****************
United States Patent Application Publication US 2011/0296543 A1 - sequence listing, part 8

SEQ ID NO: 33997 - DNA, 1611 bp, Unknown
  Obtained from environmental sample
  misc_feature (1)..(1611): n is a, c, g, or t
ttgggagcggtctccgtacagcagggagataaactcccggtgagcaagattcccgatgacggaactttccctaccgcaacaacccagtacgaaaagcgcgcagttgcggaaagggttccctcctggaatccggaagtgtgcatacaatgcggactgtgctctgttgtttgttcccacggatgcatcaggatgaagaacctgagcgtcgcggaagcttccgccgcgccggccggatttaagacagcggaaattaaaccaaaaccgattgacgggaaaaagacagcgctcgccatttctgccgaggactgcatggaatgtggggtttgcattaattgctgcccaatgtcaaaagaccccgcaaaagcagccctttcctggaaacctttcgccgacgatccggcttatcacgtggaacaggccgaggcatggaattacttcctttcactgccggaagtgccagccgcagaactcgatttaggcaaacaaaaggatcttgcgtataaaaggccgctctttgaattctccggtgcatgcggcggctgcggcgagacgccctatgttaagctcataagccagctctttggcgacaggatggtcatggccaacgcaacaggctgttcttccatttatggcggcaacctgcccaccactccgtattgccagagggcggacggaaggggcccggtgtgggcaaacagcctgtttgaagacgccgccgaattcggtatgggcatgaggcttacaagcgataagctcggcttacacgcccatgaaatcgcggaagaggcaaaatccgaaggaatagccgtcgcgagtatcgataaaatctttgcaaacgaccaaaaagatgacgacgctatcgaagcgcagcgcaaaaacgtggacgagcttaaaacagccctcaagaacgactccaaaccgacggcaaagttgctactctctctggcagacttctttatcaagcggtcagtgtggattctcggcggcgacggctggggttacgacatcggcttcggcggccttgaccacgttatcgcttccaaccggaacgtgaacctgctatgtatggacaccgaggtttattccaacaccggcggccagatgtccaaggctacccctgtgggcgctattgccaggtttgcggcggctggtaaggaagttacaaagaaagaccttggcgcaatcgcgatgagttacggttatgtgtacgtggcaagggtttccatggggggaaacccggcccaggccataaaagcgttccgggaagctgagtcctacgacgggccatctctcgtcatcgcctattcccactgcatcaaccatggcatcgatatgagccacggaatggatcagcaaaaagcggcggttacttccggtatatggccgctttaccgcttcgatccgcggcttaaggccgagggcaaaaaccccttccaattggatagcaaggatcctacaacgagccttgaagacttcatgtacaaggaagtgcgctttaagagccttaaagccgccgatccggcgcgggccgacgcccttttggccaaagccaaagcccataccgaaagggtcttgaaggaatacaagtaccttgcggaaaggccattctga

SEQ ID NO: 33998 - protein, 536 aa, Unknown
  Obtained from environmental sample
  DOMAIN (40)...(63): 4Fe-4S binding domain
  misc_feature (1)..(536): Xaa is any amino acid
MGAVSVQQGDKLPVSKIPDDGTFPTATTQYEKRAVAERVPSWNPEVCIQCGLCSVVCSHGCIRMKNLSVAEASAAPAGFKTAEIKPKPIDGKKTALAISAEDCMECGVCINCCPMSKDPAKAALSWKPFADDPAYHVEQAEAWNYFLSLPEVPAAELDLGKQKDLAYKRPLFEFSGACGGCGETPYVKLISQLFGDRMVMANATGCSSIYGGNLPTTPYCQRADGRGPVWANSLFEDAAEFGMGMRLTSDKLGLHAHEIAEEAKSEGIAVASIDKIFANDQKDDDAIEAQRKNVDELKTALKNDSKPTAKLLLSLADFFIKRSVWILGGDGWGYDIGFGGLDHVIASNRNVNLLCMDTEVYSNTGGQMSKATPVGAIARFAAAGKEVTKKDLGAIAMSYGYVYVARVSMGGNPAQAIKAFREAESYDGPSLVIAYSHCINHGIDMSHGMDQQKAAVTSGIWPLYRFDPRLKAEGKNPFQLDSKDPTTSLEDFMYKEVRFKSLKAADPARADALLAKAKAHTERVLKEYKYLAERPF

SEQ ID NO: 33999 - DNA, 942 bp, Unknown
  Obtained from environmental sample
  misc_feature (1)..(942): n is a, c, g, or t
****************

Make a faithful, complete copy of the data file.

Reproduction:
United States Patent Application Publication US 2011/0296543 A1 - sequence listing, part 8

SEQ ID NO: 33997 - DNA, 1611 bp, Unknown
  Obtained from environmental sample
  misc_feature (1)..(1611): n is a, c, g, or t
ttgggagcggtctccgtacagcagggagataaactcccggtgagcaagattcccgatgacggaactttccctaccgcaacaacccagtacgaaaagcgcgcagttgcggaaagggttccctcctggaatccggaagtgtgcatacaatgcggactgtgctctgttgtttgttcccacggatgcatcaggatgaagaacctgagcgtcgcggaagcttccgccgcgccggccggatttaagacagcggaaattaaaccaaaaccgattgacgggaaaaagacagcgctcgccatttctgccgaggactgcatggaatgtggggtttgcattaattgctgcccaatgtcaaaagaccccgcaaaagcagccctttcctggaaacctttcgccgacgatccggcttatcacgtggaacaggccgaggcatggaattacttcctttcactgccggaagtgccagccgcagaactcgatttaggcaaacaaaaggatcttgcgtataaaaggccgctctttgaattctccggtgcatgcggcggctgcggcgagacgccctatgttaagctcataagccagctctttggcgacaggatggtcatggccaacgcaacaggctgttcttccatttatggcggcaacctgcccaccactccgtattgccagagggcggacggaaggggcccggtgtgggcaaacagcctgtttgaagacgccgccgaattcggtatgggcatgaggcttacaagcgataagctcggcttacacgcccatgaaatcgcggaagaggcaaaatccgaaggaatagccgtcgcgagtatcgataaaatctttgcaaacgaccaaaaagatgacgacgctatcgaagcgcagcgcaaaaacgtggacgagcttaaaacagccctcaagaacgactccaaaccgacggcaaagttgctactctctctggcagacttctttatcaagcggtcagtgtggattctcggcggcgacggctggggttacgacatcggcttcggcggccttgaccacgttatcgcttccaaccggaacgtgaacctgctatgtatggacaccgaggtttattccaacaccggcggccagatgtccaaggctacccctgtgggcgctattgccaggtttgcggcggctggtaaggaagttacaaagaaagaccttggcgcaatcgcgatgagttacggttatgtgtacgtggcaagggtttccatggggggaaacccggcccaggccataaaagcgttccgggaagctgagtcctacgacgggccatctctcgtcatcgcctattcccactgcatcaaccatggcatcgatatgagccacggaatggatcagcaaaaagcggcggttacttccggtatatggccgctttaccgcttcgatccgcggcttaaggccgagggcaaaaaccccttccaattggatagcaaggatcctacaacgagccttgaagacttcatgtacaaggaagtgcgctttaagagccttaaagccgccgatccggcgcgggccgacgcccttttggccaaagccaaagcccataccgaaagggtcttgaaggaatacaagtaccttgcggaaaggccattctga

SEQ ID NO: 33998 - protein, 536 aa, Unknown
  Obtained from environmental sample
  DOMAIN (40)...(63): 4Fe-4S binding domain
  misc_feature (1)..(536): Xaa is any amino acid
MGAVSVQQGDKLPVSKIPDDGTFPTATTQYEKRAVAERVPSWNPEVCIQCGLCSVVCSHGCIRMKNLSVAEASAAPAGFKTAEIKPKPIDGKKTALAISAEDCMECGVCINCCPMSKDPAKAALSWKPFADDPAYHVEQAEAWNYFLSLPEVPAAELDLGKQKDLAYKRPLFEFSGACGGCGETPYVKLISQLFGDRMVMANATGCSSIYGGNLPTTPYCQRADGRGPVWANSLFEDAAEFGMGMRLTSDKLGLHAHEIAEEAKSEGIAVASIDKIFANDQKDDDAIEAQRKNVDELKTALKNDSKPTAKLLLSLADFFIKRSVWILGGDGWGYDIGFGGLDHVIASNRNVNLLCMDTEVYSNTGGQMSKATPVGAIARFAAAGKEVTKKDLGAIAMSYGYVYVARVSMGGNPAQAIKAFREAESYDGPSLVIAYSHCINHGIDMSHGMDQQKAAVTSGIWPLYRFDPRLKAEGKNPFQLDSKDPTTSLEDFMYKEVRFKSLKAADPARADALLAKAKAHTERVLKEYKYLAERPF

SEQ ID NO: 33999 - DNA, 942 bp, Unknown
  Obtained from environmental sample
  misc_feature (1)..(942): n is a, c, g, or t